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Student Debt Effects on Millennials' Financial Security - Part III

Student Debt Effects on Millennials' Financial Security - Part III

| November 28, 2018

Part III

If you’re like many millennials in their 20s and 30s, you want the help of a financial planner but are living paycheck to paycheck as it is and aren’t sure how you can afford it. In order to engage this type of relationship you first need to get your spending plan in order. If you have to charge the monthly fee or otherwise borrow money to cover it, then in my opinion you are not quite ready to move forward just yet. Below are a few tips for managing your cash flow so that you can build this into the plan for yourself when you’re ready.

  1. Write it Down: the first step to becoming accountable for your spending is to face it and know where your money is going. Whether you use a spreadsheet, an app, or just a sheet of paper, translate the data to something physical so that you are truly aware of where that money’s going. Plan ahead for what you want to spend and then compare it against what you actually do spend. If you overspend, cut back on the next pay period. Be diligent!
  2. Automate Everything: If you can pay a bill or set up a savings draft on auto-pay, do it! If you can have the money drafted from your account sooner than you can spend it, you’ll be less inclined to spend money that should be earmarked for something else.
  3. Separate Serious Money from Play Money: Once you’ve allocated the requisite money to your bills and (hopefully) savings accounts, find a way to separate the discretionary (or fun) money so that you only spend what’s left. Either physically withdraw the cash or put it in a separate checking account (but verify with your bank first to confirm they won’t charge you a fee to open a new account – many will let you do this at no extra cost).
  4. Don’t Charge What You Can’t Afford: If you spend down your discretionary cash flow before your next paycheck comes in, do not charge anything that isn’t an absolute necessity. It takes time to change spending habits and this won’t happen overnight. Be patient with yourself but also be mindful of your spending. Give every dollar a job and stick to it!
  5. Avoid Putting all DCF Toward CCs: If you’re putting all your discretionary money toward paying off your credit cards, you’ll never get ahead. You’ll be stuck in a loop of paying off some & then racking up the same debt because you just spent all your free cash. Try to leave yourself a set amount per week to spend on fun stuff or unexpected expenses and the rest can be allocated toward debt. It’s a slow process but with continued diligence it can work for you.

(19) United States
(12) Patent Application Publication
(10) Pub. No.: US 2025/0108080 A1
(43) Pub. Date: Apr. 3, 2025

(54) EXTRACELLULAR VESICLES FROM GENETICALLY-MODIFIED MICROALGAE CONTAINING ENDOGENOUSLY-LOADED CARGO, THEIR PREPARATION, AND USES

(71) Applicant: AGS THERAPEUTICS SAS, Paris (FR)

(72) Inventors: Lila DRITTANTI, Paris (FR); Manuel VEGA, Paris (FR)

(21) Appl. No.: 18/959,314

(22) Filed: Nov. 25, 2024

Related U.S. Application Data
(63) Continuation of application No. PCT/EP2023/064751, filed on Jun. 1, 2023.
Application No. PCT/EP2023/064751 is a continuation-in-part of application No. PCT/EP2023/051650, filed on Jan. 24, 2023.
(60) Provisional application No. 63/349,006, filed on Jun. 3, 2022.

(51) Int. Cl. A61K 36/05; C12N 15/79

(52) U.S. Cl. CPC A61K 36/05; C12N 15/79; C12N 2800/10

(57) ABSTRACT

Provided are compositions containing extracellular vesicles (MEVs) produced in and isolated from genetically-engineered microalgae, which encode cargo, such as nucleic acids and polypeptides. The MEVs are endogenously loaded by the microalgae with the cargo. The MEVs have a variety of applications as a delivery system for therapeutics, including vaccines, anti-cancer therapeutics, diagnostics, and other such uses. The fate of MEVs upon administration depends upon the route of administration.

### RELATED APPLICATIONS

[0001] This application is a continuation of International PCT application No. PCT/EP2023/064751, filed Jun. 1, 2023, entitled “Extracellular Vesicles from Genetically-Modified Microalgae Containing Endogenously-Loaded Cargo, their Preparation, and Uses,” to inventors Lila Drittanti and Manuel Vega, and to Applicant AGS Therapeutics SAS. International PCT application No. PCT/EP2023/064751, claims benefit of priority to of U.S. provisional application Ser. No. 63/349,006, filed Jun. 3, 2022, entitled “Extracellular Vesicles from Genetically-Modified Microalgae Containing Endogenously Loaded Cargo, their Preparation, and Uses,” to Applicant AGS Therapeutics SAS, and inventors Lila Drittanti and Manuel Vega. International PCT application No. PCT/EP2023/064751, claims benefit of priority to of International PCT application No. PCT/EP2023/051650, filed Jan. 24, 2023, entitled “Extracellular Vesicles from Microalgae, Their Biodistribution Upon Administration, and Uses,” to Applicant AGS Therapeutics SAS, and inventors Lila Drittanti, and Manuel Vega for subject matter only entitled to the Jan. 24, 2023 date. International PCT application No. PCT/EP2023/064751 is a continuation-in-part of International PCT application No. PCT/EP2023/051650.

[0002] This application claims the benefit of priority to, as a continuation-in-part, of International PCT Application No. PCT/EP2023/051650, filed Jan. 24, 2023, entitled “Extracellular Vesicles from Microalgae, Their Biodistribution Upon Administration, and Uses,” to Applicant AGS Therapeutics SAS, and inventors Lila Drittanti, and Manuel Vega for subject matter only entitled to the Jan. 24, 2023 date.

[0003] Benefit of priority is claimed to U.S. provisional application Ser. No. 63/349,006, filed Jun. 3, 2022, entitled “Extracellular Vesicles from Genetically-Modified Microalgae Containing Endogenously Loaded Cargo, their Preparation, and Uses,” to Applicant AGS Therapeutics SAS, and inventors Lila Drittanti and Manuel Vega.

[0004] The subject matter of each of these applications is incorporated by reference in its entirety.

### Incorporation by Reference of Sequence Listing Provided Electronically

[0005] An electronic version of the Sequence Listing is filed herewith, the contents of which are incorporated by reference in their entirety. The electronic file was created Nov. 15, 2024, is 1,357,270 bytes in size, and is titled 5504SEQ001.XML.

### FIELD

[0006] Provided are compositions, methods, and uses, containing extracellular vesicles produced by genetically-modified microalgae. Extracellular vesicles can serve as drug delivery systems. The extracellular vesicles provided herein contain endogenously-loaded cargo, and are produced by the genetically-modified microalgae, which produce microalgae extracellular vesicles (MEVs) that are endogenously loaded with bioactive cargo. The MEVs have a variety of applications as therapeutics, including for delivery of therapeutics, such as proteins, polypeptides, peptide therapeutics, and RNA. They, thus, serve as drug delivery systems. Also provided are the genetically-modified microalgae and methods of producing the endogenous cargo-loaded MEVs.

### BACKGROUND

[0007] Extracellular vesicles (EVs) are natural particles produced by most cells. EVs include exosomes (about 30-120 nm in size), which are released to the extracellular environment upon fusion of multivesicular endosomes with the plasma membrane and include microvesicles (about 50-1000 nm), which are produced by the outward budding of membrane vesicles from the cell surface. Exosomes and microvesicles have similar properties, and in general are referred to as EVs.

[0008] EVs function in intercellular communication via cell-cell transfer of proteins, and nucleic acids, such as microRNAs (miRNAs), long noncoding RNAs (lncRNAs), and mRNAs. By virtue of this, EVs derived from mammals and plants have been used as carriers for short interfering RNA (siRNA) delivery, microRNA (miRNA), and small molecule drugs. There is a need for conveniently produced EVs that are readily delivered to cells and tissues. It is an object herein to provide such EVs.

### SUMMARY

6. Pinch Pennies on Nights Out: If the things you like to do offer a free or discounted entry a certain time of the week, plan around that. For example in Memphis, Malco offers $5 movies every Tuesday and most museums have free entry on certain mornings or afternoons. Go to brunch when the mimosas are half price or ask for gift cards to your favorite places when your birthday rolls around. You don’t have to live this way forever but in order to effect real change, sacrifices must be made.
  7. Permit Don’t Restrict: The number one complaint I hear about budgeting is that people hate to restrict themselves and therefore they avoid getting real about their spending. Try to view your spending plan as the amount of money you’re giving yourself permission to spend rather than what you’re not allowed to spend.

 Changing your spending habits is not easy. It also may not be fun – at first. Facing bank statements and credit card charges frequently cause anxiety among younger people because they know they’re living beyond their means and don’t want to see it in black and white. Be patient with yourself as you implement these practices into your daily life. It won’t be fast. It won’t be easy. It can, however, be done.

 Once you’ve gotten your spending plan under control, feel free to start the search for your CERTIFIED FINANCIAL PLANNER™. This person should be chosen carefully as ideally they will be in your life though all of its major changes and transitions. They will be your coach, your accountability partner, and your motivator in reaching your goals. Student debt does not have to mean disaster for you if you’re willing to put in the work. Control the spending plan. Do the research. Pick your planner. Good luck!

Securities offered through Kestra Investment Services, LLC (Kestra IS), member FINRA/SIPC. Investment advisory services offered through Kestra Advisory Services, LLC (Kestra AS), an affiliate of Kestra IS. Fish and Associates is not affiliated with Kestra IS or Kestra AS. Kestra IS and Kestra AS do not provide tax or legal advice.